As the producer of webinars and virtual training events for Streaming Media Magazine and Streaming Learning Center, I’m always interested in information that helps me produce more effective events. A recent report from Bluejeans, the Verizon-owned video conference provider, provided several interesting data points. By way of background, the report discussed survey data collected by IDG from 200 respondents in a variety of industries who attended, on average, 20 virtual events in 2020.
The first interesting data point related to event format. As shown in the first figure, a live panel discussion was the top-scoring option. The second was an on-stage presentation with multimedia content elements, which I’m extending to desk-based presentations with multimedia elements. I’ve often wondered whether audiences liked canned videos mixed into the live presentation, and this seems to confirm that they do.
The other data point related to factors that motivated engagement. Here, the most important factor was the quality and professionalism of the video and audio. Interestingly, A/V quality scored ten points higher than content relevance, which to some degree means that how you look and sound is more important than what you’re saying.
This kind of stinks given that we ask our panelists to participate because of their domain knowledge, not because the camera loves them or they sound like James Earl Jones. Still, the message is clear. Whether you’re the promotor or participant if you want your webinars to be effective, you have to deliver professional quality audio and video.
As a promoter, I’m grateful for the many experts who shared their knowledge with various audiences but recognize that time is short for everyone. I’ve created some video lessons on how to look and sound your best, but in all honesty, when I encourage panelists to watch them, they inevitably don’t.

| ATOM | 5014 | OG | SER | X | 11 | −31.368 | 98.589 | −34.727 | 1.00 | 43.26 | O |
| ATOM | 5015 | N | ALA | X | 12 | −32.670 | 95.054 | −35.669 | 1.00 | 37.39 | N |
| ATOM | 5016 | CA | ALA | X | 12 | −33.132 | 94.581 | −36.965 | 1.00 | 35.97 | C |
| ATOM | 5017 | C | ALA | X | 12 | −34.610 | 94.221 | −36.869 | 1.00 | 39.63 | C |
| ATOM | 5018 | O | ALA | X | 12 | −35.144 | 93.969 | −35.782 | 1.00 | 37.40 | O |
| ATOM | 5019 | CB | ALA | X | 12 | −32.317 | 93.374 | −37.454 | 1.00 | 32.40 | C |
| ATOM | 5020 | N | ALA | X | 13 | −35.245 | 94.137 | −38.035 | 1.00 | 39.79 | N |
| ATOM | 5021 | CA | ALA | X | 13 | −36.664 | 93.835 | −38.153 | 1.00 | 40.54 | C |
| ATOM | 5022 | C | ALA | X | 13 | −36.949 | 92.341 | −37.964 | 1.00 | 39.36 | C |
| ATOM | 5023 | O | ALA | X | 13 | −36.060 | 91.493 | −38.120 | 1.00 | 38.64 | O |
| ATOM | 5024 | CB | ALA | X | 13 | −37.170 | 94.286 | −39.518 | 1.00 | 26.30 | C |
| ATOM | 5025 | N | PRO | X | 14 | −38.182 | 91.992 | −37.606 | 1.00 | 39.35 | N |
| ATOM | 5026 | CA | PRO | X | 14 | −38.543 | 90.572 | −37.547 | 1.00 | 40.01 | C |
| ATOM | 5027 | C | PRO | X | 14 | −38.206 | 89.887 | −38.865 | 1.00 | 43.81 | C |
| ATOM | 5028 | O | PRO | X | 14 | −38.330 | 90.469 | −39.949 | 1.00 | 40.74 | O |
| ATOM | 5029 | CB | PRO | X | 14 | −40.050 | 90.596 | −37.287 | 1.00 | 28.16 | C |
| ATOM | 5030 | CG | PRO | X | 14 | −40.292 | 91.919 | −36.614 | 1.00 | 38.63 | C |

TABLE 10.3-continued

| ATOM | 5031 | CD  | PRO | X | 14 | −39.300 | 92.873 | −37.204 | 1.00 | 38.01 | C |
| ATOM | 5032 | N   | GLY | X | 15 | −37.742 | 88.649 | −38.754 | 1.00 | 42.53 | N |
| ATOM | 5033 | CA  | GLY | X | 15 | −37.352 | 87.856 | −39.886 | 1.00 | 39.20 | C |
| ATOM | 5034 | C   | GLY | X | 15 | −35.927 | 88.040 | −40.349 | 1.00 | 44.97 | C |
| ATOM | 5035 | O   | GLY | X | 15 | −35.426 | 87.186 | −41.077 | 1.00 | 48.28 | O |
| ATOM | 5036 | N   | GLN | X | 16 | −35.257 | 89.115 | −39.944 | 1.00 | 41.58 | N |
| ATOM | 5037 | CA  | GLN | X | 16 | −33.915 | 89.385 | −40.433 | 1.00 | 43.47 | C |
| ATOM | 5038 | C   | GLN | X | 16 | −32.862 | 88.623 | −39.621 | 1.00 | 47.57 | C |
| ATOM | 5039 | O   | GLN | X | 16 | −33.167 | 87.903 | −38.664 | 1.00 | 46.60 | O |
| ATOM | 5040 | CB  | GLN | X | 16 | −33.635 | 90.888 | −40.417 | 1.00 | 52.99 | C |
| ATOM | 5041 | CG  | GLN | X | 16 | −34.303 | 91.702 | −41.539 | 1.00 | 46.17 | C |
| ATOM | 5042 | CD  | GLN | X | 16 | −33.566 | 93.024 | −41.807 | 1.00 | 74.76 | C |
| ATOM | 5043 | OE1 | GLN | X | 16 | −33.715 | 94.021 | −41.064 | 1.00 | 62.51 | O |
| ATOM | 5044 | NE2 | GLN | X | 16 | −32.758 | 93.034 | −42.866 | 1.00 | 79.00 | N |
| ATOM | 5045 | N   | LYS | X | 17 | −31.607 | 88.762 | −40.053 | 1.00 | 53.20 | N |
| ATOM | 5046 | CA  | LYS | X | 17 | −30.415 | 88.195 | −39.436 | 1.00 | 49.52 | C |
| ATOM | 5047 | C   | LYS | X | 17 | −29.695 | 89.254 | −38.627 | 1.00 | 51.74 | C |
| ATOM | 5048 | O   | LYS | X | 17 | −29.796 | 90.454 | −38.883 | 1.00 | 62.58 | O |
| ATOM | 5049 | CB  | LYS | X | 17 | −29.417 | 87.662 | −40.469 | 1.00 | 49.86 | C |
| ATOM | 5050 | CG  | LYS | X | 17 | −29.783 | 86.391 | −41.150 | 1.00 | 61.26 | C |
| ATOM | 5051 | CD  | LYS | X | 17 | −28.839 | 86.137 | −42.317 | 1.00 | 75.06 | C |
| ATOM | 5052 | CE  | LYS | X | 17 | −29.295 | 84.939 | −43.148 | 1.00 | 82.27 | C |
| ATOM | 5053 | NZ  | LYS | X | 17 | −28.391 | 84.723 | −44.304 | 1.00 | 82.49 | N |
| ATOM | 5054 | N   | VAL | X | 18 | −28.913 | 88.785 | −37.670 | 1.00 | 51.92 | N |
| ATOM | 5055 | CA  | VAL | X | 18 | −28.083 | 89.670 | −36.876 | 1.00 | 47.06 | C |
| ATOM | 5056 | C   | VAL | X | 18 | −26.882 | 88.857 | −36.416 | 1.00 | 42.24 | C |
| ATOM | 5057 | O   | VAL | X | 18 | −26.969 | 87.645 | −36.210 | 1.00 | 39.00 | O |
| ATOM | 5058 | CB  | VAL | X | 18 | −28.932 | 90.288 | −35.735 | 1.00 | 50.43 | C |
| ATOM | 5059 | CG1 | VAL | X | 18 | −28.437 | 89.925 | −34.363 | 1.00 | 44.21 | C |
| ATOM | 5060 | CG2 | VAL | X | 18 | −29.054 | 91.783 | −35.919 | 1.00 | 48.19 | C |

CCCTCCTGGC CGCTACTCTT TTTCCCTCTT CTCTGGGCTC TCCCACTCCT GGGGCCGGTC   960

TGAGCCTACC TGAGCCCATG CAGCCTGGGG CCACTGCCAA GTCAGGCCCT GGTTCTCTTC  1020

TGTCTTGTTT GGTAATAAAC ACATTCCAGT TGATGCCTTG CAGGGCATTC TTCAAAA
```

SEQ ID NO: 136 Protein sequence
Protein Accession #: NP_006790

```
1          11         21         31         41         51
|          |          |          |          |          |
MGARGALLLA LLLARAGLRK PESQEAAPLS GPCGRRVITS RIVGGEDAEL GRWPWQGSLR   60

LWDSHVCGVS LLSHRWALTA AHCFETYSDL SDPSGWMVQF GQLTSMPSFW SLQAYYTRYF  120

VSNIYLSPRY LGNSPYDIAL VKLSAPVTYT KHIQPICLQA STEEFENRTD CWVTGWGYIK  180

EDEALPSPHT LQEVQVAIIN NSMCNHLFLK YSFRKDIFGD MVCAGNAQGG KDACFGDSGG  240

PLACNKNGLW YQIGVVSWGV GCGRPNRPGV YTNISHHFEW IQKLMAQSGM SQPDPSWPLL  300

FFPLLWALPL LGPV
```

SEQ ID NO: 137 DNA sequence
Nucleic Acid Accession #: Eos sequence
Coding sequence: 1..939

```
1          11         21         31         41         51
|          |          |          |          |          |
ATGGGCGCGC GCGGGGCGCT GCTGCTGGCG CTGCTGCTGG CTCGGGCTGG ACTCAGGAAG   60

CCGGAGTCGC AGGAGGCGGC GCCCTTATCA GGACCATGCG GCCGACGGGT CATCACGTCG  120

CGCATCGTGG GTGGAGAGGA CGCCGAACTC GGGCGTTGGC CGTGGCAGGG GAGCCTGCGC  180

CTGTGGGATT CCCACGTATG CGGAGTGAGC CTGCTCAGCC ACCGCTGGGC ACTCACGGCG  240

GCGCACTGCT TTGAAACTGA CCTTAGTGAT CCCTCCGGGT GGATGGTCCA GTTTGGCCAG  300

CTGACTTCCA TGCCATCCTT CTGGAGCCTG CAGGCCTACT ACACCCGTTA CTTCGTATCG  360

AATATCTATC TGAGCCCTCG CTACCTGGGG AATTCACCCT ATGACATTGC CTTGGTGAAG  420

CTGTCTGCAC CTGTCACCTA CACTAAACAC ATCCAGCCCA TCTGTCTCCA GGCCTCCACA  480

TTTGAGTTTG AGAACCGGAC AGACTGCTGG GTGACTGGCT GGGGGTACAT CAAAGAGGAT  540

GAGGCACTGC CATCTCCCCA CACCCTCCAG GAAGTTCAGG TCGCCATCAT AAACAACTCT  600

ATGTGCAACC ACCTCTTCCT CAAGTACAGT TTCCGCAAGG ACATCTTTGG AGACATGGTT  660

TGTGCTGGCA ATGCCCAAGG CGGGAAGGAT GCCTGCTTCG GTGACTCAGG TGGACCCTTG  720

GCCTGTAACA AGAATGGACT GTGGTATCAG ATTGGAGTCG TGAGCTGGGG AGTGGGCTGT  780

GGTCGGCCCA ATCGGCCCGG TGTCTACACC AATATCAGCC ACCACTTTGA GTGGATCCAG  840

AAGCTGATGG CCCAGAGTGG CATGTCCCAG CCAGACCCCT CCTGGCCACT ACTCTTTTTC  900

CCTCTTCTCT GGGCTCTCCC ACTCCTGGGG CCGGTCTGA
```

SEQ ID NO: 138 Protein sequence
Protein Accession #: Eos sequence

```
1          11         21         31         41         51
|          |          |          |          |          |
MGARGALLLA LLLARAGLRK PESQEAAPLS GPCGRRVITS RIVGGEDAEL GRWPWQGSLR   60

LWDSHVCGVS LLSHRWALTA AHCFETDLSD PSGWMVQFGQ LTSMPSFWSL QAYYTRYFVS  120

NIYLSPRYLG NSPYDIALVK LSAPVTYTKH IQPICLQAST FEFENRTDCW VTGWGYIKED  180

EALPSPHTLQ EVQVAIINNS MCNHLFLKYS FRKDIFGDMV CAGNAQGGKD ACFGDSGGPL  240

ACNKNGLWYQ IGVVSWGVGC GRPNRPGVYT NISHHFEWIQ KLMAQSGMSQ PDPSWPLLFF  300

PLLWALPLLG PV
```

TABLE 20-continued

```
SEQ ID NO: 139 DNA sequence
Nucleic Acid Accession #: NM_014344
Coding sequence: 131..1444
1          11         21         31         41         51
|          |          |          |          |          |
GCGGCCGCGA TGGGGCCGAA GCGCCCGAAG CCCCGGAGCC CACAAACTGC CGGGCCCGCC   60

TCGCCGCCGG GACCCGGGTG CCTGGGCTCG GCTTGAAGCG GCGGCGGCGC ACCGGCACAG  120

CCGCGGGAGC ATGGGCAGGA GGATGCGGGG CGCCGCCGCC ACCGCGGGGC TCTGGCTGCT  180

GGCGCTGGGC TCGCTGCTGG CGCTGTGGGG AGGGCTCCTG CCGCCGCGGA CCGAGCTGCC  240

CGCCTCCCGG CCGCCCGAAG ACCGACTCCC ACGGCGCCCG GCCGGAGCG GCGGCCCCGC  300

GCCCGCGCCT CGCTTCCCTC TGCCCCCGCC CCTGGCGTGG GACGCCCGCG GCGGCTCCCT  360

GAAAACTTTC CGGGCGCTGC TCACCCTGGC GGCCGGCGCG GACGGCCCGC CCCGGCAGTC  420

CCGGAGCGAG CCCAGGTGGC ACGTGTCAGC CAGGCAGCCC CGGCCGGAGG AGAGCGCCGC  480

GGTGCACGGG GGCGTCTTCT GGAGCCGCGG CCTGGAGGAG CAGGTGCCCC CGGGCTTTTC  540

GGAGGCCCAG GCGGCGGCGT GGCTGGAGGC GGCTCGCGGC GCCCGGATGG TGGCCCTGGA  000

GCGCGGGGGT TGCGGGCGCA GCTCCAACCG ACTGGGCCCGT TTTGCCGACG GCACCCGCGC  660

I’ve been noodling on a two-page guide to send to the participants in upcoming virtual presentations and with the motivation from the Bluejeans report, finally got it done. It covers details about:
- Measuring bandwidth
- Options for camera, microphone, lights, and clothing
- How to choose the best background
- How to position your lights, webcam, and microphone
- Proper rule-of-third positioning (with help from our favorite tech billionaire and philanthropist).
Please feel free to download and share as you would like. A couple of other resources you can look through are:
Are You Using the Right Audio and Video Equipment for the Next Online Meeting? – which is where I got the cool diagram on page 2.
MASS ORGANISING VIDEO CALLS – The Communications Union – excellent examples for lighting and positioning.
You can look and sound fabulous in webinars by spending $200 or less on gear and 20 minutes or less learning the techniques. If you’re presenting in any upcoming webinars, trust me, your audience will thank you.